Calls to BC Poison Control on 4/20: A case-only analysis

Issue: BCMJ, vol. 60, No. 1, January February 2018, Pages 62-63 BC Centre for Disease Control

Every 20 April, thousands of Canadians celebrate or advocate cannabis use by attending public events or consuming cannabis in private.

Every 20 April, thousands of Canadians celebrate or advocate cannabis use by attending public events or consuming cannabis in private. Cannabis-themed celebrations on this date, known as 4/20, have been held since the 1970s when the phenomenon emerged from California’s cannabis subculture.[1]

Vancouver hosts a large 4/20 event, most recently held at Sunset Beach on English Bay. Crowds have grown from around 10 000 people in 2012 to 40 000 in 2017.[2,3]

After noticing a high volume of cannabis-related calls on 4/20 to the BC Drug and Poison Information Centre (DPIC), we sought to describe 4/20 cannabis-exposure callers and assess how they differ from callers on other days of the year. We hypothesized that 4/20, as a mainstream event, would attract first-time or occasional cannabis users. To explore this we conducted a case-only analysis of poison centre call data from 2013–2016, a method that quantifies the degree to which individual and situational factors modify the risk of a particular outcome.

We examined the characteristics of cannabis-exposure callers that might make them more likely to call on 4/20 compared with other days. If a characteristic increases this risk, we would expect a larger portion of 4/20 cannabis callers to have the condition. Characteristics considered included age, sex, cannabis formulation, caller location, and cannabis-use history. Data were extracted from mandatory coded fields and case histories in DPIC’s call database.

We defined event cases as callers to the poison centre on 4/20 or the day after reporting cannabis exposure. Comparison cases were ones reporting cannabis exposures on all other days of the year, excluding days when cannabis call volume exceeded the daily average 99th percentile. Cases reporting the use of illicit substances other than cannabis use were excluded.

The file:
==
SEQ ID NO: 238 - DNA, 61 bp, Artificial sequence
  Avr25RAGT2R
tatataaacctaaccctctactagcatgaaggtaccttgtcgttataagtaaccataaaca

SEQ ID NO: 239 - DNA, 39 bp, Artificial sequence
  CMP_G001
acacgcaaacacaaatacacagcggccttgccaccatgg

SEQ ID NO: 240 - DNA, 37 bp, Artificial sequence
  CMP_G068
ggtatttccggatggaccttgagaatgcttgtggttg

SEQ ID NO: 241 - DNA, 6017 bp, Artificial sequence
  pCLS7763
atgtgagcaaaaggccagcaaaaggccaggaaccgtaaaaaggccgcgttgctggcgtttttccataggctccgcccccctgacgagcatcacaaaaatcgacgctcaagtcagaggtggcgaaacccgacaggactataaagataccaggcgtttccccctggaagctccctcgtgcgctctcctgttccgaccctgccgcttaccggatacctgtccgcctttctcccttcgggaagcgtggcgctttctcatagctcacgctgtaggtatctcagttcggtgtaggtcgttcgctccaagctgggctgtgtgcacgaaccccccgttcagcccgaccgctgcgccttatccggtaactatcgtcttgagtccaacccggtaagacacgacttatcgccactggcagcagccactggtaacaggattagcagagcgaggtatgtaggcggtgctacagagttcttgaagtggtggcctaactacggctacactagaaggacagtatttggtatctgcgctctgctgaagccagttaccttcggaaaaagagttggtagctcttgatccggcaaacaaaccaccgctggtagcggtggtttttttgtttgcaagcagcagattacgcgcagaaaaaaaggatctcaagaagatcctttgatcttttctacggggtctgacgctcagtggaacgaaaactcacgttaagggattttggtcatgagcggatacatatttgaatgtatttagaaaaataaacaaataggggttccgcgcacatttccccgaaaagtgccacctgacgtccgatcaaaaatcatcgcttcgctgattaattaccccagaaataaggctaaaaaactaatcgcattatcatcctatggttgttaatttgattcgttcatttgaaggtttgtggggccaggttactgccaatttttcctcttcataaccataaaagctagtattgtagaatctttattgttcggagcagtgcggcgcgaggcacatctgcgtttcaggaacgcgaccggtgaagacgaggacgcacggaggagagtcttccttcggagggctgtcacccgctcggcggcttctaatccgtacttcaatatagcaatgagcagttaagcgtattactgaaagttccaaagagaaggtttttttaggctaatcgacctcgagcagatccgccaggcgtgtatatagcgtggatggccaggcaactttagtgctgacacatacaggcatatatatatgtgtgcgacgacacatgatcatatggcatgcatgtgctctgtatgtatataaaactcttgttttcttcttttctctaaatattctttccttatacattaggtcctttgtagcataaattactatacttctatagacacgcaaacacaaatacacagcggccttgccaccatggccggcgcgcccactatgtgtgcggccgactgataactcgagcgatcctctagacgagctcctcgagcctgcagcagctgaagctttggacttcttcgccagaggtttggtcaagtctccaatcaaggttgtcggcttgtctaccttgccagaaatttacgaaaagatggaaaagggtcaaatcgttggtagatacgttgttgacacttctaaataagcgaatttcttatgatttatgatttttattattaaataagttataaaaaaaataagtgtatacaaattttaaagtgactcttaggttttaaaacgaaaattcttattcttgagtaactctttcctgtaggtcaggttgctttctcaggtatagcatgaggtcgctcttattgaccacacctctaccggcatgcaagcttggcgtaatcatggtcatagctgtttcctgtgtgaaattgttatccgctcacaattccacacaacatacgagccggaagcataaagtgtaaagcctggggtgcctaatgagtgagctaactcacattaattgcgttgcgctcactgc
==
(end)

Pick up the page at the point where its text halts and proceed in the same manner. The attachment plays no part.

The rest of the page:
We identified 19 event and 721 comparison cases from 2013–2016. Univariate regression produced interaction odds ratios for the odds of being a cannabis-exposure call on 4/20 among those with certain characteristics compared to those without (Table). The 4/20 callers were more likely to have consumed edible cannabis products than other formulations, and more often called from the Vancouver Coastal Health Authority region than elsewhere in BC (Figure). Controlling for location, the odds of being a 4/20 cannabis caller were 3.7 times higher among consumers of edible marijuana products (95% CI, 1.39–11.82).

It was not surprising that 4/20 cannabis users primarily call from Vancouver and consume edibles, considering the large event in Vancouver at which edible products are promoted and sold. Ingesting cannabis produces delayed symptoms, often more severe than those experienced from inhalation. Delayed effects and lack of dosage regulations contribute to a phenomenon observed in poison centre calls in which novice users consume successive servings of edible cannabis product while waiting for the drug’s psychoactive effects to begin.

It was surprising that 4/20 calls from first-time users or from certain age groups were not more frequent. It is not mandatory for poison centre staff to ask callers about cannabis-use history, which may explain why first-time user status did not stand out.

Results highlight concerns for edible cannabis products; 4/20 event messaging, product packaging, and health providers should warn users about the particular effects of edibles. While edibles are not included in Canada’s 2018 cannabis legislation, they are of concern for population health.
—Emma Cumming, MSc
Field Epidemiologist, Public Health Agency of Canada
—Tom Kosatsky, MD


This article is the opinion of the BC Centre for Disease Control and has not been peer reviewed by the BCMJ Editorial Board.


  1. Brown S. Vancouver 4/20 revellers light up Sunset Beach. Vancouver Sun. Last modified 21 April 2017.
  2. CBC News British Columbia. Annual ‘4/20’ pot event celebrated in Vancouver. Last modified 20 April 2012.
  3. McKinley J. Marijuana advocates point to signs of change. The New York Times. Last modified 19 April 2009.

Emma Cumming, MSc, Tom Kosatsky, MD, MPH. Calls to BC Poison Control on 4/20: A case-only analysis. BCMJ, Vol. 60, No. 1, January, February, 2018, Page(s) 62-63 - BC Centre for Disease Control.

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